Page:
Visually, the film is a masterpiece, if a little dishonest. Lush colors populate natural and industrial landscapes beautifully, and every shot has a romantically ignited feel that accentuates the drama of the events that transpire. When situated in 1990, however, somber vignetting and desaturated color grading leave you feeling as if the flame has long burned out, leaving a cold and desolate trio of somber characters to wallow in their unresolved sorrow. While this constant back-and-forth between two polar opposite tones could be jarring, the musical composition aids this traversal through time and crafts it into a delicate movement that never leaves a viewer feeling off balance. With this visual beauty, though, comes a strange kind of dishonesty. The film is so pristinely shot that it almost feels unreal, and when the subject matter tackles the life of gay men in a time where simply existing is a radical act, this perfection leaves a viewer feeling unconvinced. Is a colorful wonderscape an honest portrayal of the cadence of the lives of people who have to hide themselves as a condition for freedom?

Where I possess the most ambivalence for this film, however, is in its characters. Forming a sort of twisted love triangle, I could never quite bring myself to like the central characters fully, which makes the film inherently less impactful than it could have been. This is especially disappointing given the ending of the film, which is the film’s strongest segment by miles. The problem? It could’ve been even stronger, and so could the rest of the film. I don’t know if it’s the fault of the cast or the screenplay (probably both), but their dynamic feels like a run-down, walmart version of the trio from “The Talented Mr. Ripley” (1999) who were all developed with more nuance and skill in a strikingly similar diegetic environment.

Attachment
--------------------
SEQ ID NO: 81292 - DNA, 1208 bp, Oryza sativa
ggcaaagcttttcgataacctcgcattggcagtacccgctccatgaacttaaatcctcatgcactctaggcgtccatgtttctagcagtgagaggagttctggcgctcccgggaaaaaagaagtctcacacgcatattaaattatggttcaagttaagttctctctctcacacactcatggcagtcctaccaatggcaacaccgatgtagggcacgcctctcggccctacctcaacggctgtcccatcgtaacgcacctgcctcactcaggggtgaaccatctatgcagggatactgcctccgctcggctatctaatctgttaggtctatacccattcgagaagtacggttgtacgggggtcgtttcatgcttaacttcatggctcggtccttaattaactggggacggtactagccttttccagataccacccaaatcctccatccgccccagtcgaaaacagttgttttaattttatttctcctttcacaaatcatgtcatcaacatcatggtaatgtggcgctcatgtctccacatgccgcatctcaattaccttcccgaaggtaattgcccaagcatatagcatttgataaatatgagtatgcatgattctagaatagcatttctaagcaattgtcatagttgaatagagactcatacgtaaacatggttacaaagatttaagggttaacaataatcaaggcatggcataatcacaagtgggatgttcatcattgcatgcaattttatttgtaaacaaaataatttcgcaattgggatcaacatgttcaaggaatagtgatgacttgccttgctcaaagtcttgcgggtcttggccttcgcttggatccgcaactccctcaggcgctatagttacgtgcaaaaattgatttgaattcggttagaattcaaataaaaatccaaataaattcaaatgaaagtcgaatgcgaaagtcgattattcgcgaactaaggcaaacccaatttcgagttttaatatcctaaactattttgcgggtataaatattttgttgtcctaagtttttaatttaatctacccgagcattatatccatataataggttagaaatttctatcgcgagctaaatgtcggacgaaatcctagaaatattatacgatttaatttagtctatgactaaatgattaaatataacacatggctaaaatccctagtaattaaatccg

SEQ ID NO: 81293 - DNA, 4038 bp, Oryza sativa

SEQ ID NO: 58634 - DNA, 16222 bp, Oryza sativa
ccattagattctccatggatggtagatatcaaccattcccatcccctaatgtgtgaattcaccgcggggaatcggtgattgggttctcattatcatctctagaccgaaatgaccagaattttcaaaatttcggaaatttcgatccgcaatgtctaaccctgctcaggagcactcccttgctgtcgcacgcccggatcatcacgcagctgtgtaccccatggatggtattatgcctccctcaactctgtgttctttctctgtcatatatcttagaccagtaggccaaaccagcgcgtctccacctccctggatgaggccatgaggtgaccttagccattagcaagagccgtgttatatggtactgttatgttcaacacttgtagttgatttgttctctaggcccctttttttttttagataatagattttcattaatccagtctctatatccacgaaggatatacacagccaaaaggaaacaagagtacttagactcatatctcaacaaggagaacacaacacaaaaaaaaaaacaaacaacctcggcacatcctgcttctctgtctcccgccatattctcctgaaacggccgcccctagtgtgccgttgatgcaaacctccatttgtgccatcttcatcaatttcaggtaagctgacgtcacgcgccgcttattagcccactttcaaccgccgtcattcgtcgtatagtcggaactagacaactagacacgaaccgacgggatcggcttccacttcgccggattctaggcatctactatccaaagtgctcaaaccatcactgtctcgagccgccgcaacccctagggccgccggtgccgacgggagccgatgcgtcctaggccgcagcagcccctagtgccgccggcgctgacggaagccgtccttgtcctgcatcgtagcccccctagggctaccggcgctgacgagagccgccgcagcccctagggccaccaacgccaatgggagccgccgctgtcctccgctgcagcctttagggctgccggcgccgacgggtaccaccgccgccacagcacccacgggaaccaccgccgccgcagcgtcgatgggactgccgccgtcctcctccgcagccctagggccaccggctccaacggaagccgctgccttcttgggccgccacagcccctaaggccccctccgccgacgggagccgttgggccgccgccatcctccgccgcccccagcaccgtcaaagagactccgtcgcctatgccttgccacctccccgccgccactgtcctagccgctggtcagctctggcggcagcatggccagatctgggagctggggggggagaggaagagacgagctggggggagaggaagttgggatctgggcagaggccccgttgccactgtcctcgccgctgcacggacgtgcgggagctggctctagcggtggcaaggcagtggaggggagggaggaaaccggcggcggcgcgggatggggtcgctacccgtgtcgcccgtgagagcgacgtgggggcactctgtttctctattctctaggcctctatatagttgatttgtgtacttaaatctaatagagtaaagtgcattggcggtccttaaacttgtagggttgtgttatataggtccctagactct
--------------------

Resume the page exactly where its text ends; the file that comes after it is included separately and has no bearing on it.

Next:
In the end, I am annoyed with Tom’s dull and one-dimensional existence and angered by Marion’s hateful actions. The only character I truly feel for is Patrick, whose entire life is destroyed by the needlessly homophobic ideology of the mid-twentieth century. A more developed script could have prevented this shortcoming, but basic lines sprinkled with occasional faux-intellectualisms leave the actors little room for powerful delivery—although David Dawson and Gina McKey, the two standout performances in this film, do the best they can. 

“My Policeman” is not devoid of cinematic infractions, but it is a striking film nonetheless. I may just be a hopeless romantic, but I think the film stands its ground in a court of cinematic law and solidifies its place—maybe not with the best movies of the year, but at the very least with all of the Amazon Prime Video Originals of our time. If you’re looking for something heartbreaking, something haunting, something gay or even just for Harry Styles, give “My Policeman” a watch. It’ll surely be two hours well spent, and you may just shed an unexpected tear for the characters and the tragically empty lives they’re forced to live.